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USB Thumb Drive Caution

Matt Golueke July 31, 2020 13:40 PM

USB Drive Destruction image 1-1

Security risks are everywhere, both in cyber space and in our own hands. USB drives can present two significant threats: malware introduction and unauthorized sharing of data.

When it comes to post-incident investigation of physical security and safety incidents, an easy way to share video surveillance footage and other data is by passing along a USB drive to a colleague. An alternate option to safely and securely share investigation information is by using a secure file sharing system that is internal to your organization's network. If external sharing is required, be sure to consult with your IT department as well as legal counsel, if available, prior to sending files across an unsecure network connection.

At MidChes, we take this vulnerability seriously as we see below once we discovered a USB thumb drive of unknown origin in our possession...



Unauthorized Sharing

While the convenience of sharing and storing files with a USB thumb drive is hard to argue against, the risk of the drive ending up in the wrong hands is real. A lost or misplaced drive with files on it can land in an unauthorized person's hands, revealing sensitive or private information.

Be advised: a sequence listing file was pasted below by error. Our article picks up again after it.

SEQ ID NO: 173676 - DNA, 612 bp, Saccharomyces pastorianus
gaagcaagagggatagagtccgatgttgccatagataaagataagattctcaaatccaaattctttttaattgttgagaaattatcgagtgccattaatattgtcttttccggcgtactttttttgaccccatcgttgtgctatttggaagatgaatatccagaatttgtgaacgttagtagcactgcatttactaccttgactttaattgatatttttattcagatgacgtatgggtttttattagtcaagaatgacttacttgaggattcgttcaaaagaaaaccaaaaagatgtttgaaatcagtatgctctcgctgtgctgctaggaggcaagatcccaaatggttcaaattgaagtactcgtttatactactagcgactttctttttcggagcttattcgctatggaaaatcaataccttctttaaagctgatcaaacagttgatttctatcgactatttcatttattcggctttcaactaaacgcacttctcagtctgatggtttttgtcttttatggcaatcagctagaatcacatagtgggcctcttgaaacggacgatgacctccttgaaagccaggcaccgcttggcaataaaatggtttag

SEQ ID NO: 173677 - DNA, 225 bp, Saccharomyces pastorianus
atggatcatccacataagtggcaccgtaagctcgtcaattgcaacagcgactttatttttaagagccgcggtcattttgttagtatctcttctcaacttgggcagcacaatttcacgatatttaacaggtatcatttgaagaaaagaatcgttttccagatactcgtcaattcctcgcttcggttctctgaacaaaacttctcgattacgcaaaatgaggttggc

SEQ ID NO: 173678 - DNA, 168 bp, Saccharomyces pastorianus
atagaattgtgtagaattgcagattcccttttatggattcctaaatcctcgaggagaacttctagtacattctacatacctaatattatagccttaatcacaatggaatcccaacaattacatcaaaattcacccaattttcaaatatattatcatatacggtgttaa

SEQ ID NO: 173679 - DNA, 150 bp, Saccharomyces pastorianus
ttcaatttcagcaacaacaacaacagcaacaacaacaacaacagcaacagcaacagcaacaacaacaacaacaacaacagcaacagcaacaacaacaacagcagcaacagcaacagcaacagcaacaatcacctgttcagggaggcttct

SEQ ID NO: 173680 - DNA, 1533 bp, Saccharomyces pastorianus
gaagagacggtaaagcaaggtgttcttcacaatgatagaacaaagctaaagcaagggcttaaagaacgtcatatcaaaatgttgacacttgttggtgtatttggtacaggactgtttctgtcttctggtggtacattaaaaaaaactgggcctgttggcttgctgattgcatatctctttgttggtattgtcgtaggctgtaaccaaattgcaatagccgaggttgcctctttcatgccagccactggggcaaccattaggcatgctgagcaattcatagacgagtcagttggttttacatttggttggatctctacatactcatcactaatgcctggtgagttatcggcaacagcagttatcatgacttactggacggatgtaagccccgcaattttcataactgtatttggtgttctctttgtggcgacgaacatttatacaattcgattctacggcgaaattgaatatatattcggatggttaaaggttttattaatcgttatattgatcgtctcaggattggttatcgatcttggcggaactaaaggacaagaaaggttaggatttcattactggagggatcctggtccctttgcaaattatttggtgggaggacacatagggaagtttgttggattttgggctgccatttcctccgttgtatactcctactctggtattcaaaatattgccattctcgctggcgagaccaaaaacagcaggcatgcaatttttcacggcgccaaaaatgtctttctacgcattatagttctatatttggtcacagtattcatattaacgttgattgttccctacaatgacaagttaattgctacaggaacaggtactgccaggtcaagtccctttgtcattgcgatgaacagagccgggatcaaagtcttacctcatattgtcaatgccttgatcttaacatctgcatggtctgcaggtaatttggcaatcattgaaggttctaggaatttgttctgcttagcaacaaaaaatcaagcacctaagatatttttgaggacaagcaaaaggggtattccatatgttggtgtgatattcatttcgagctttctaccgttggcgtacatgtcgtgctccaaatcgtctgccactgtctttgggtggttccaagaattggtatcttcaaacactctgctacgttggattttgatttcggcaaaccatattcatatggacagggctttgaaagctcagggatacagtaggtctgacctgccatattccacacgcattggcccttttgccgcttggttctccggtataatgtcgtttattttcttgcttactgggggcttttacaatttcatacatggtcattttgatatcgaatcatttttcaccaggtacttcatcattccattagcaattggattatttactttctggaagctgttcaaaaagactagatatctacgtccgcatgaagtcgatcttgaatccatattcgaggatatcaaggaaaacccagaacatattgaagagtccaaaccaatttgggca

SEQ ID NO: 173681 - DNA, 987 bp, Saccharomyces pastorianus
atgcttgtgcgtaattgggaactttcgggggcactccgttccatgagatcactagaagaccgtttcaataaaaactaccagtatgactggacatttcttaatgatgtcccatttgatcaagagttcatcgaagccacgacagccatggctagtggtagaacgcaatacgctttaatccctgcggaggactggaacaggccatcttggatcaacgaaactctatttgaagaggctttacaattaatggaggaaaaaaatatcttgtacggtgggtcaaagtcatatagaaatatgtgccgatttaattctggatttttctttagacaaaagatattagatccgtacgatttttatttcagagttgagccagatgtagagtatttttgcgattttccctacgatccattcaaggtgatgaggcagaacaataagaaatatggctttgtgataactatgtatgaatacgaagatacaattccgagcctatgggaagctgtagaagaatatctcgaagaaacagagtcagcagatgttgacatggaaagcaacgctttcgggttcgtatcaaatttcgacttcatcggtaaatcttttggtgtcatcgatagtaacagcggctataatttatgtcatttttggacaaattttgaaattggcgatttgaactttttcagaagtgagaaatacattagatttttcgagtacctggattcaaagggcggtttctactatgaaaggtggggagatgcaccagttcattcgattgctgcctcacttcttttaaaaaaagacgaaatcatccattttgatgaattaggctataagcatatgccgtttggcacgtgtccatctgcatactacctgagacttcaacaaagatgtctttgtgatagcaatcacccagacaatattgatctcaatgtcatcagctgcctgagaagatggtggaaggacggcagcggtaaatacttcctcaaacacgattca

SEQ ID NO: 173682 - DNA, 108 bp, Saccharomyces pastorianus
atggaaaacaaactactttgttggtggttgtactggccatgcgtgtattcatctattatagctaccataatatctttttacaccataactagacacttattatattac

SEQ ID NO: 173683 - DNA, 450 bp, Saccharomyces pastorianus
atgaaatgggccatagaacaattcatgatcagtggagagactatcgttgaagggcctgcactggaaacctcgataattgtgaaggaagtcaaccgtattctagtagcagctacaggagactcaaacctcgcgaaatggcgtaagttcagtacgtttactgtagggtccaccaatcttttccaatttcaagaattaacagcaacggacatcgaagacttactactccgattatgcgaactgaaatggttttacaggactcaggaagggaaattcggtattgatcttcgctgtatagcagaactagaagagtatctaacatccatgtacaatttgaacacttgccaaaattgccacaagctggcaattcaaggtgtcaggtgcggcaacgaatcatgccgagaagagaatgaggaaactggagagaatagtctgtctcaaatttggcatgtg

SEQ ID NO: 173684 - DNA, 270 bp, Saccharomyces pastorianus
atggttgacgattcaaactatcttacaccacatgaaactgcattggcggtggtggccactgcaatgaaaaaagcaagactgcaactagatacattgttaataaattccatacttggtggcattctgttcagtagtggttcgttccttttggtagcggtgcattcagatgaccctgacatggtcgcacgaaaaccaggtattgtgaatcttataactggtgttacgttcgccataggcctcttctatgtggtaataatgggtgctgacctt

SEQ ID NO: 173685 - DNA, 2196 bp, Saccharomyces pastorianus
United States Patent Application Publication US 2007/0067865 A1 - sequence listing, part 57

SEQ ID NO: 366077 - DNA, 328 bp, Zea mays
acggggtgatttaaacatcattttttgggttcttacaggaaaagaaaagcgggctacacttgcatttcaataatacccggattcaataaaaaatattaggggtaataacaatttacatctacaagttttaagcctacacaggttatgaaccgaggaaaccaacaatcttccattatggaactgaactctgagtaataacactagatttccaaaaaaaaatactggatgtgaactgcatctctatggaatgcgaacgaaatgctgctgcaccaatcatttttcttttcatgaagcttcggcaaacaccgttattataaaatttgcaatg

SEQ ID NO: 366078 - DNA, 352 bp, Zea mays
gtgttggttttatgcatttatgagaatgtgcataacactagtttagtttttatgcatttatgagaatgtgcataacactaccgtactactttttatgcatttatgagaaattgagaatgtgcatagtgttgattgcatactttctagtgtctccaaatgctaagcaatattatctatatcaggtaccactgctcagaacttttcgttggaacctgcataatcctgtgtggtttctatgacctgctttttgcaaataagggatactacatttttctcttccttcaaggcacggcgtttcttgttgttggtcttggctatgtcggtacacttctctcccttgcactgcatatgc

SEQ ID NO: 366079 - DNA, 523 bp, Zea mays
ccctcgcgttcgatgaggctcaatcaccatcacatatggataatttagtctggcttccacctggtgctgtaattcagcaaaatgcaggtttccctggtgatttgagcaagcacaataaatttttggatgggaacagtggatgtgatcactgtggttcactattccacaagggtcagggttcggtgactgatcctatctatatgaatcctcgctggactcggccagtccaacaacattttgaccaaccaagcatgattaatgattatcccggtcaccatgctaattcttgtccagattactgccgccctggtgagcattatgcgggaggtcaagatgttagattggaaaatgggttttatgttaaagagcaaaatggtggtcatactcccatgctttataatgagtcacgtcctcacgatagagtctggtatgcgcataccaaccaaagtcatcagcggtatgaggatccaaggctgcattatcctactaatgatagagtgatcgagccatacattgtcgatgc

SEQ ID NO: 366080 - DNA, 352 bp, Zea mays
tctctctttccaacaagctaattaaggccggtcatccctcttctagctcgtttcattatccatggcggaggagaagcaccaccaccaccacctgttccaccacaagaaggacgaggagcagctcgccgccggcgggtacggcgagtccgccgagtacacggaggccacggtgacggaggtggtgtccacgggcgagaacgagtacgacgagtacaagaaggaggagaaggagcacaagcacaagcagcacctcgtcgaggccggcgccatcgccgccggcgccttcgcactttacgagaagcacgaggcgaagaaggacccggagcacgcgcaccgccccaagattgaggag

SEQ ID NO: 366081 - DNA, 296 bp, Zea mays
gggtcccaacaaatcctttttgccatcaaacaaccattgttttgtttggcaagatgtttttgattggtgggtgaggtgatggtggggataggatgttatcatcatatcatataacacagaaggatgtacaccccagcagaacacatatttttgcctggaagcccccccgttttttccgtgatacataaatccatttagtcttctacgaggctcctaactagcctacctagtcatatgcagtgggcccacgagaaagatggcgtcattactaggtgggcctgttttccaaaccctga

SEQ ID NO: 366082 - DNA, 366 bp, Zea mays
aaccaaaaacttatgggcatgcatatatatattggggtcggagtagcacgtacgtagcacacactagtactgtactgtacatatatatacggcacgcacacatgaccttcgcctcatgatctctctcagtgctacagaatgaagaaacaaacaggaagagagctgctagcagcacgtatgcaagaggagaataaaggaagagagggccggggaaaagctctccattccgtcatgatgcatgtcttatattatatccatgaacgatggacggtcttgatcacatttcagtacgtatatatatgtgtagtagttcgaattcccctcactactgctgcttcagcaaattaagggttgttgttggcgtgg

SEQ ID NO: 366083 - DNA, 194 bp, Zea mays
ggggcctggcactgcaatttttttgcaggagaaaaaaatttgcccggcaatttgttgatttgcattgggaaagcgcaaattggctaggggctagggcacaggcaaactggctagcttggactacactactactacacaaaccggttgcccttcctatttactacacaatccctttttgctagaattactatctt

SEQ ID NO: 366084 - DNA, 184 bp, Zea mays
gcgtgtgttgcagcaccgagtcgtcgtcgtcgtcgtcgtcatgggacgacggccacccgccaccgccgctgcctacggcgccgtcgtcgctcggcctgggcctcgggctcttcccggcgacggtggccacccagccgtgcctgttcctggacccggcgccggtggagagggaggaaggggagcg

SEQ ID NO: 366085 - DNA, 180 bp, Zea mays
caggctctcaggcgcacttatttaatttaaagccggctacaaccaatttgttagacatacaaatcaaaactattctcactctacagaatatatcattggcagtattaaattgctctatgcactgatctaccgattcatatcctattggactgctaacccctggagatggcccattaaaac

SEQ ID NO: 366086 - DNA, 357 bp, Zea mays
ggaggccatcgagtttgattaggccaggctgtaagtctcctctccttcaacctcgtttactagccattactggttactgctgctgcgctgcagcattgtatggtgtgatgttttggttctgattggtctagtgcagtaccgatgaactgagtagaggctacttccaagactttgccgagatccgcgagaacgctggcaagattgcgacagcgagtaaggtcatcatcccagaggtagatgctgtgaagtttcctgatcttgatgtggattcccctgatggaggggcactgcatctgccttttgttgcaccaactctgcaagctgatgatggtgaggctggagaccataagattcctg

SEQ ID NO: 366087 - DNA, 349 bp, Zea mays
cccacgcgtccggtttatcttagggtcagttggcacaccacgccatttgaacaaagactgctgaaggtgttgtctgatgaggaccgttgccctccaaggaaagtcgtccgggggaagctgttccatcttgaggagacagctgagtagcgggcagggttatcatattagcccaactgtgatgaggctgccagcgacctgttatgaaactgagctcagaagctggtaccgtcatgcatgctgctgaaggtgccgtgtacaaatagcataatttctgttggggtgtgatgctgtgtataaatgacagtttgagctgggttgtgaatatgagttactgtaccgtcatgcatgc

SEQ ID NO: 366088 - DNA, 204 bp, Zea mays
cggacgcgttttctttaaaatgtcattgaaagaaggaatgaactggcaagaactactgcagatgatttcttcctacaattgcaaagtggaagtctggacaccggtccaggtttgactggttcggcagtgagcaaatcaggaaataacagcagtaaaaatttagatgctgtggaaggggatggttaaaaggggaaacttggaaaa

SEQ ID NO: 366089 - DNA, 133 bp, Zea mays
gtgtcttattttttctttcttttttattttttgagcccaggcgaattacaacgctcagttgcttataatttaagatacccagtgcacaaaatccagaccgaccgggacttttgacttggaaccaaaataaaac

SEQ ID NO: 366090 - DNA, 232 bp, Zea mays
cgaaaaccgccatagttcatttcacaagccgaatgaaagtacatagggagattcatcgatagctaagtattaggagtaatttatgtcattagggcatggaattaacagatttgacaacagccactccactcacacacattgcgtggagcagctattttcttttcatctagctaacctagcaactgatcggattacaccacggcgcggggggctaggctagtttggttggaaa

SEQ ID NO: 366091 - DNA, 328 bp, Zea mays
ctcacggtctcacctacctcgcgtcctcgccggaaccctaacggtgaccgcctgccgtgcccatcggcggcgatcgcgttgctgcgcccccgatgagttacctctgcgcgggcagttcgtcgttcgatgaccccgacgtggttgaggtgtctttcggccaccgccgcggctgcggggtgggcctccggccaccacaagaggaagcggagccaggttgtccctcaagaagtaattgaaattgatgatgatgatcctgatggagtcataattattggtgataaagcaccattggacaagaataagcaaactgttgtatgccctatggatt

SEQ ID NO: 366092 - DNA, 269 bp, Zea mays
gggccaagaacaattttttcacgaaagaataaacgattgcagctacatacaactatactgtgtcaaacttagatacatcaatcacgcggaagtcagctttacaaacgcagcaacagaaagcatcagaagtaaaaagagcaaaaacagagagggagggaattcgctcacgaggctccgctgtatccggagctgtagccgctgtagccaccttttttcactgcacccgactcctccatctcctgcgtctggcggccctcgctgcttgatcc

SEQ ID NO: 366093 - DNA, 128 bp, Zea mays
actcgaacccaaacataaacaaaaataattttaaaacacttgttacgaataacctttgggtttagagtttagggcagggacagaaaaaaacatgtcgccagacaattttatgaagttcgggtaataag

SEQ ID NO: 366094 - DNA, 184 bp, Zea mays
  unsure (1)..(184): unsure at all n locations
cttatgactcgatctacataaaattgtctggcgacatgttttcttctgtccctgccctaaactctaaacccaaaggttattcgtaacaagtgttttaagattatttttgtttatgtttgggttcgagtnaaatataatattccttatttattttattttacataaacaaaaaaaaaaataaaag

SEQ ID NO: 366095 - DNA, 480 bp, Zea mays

Malware Threat

Using a USB drive from someone else or an unknown source can provide an opportunity for a malware threat to automatically move from the USB drive to the computer it's being plugged into. Attackers can infect other computers with malware by using a USB drive to automatically download malicious code onto the computer once the USB is plugged in. 

How can you protect your data?

According to the Department of Homeland Security Cybersecurity and Infrastructure Security Agency (CISA), there are steps you can take to protect the data on your USB drive and on any computer that you might plug the drive into:

  • Do not plug an unknown USB drive into your computer. 
  • Take advantage of security features. 
  • Keep personal and business USB drives separate. 
  • Disable Autorun. 
  • Use and maintain security software, and keep all software up to date.
  • Read more about this from CISA here >>


Data-Secure Physical Security Systems

If you're concerned about the cybersecurity of your physical security systems, please contact us to discuss how physical security systems can be safely deployed in your IT environment. Contact us here >>





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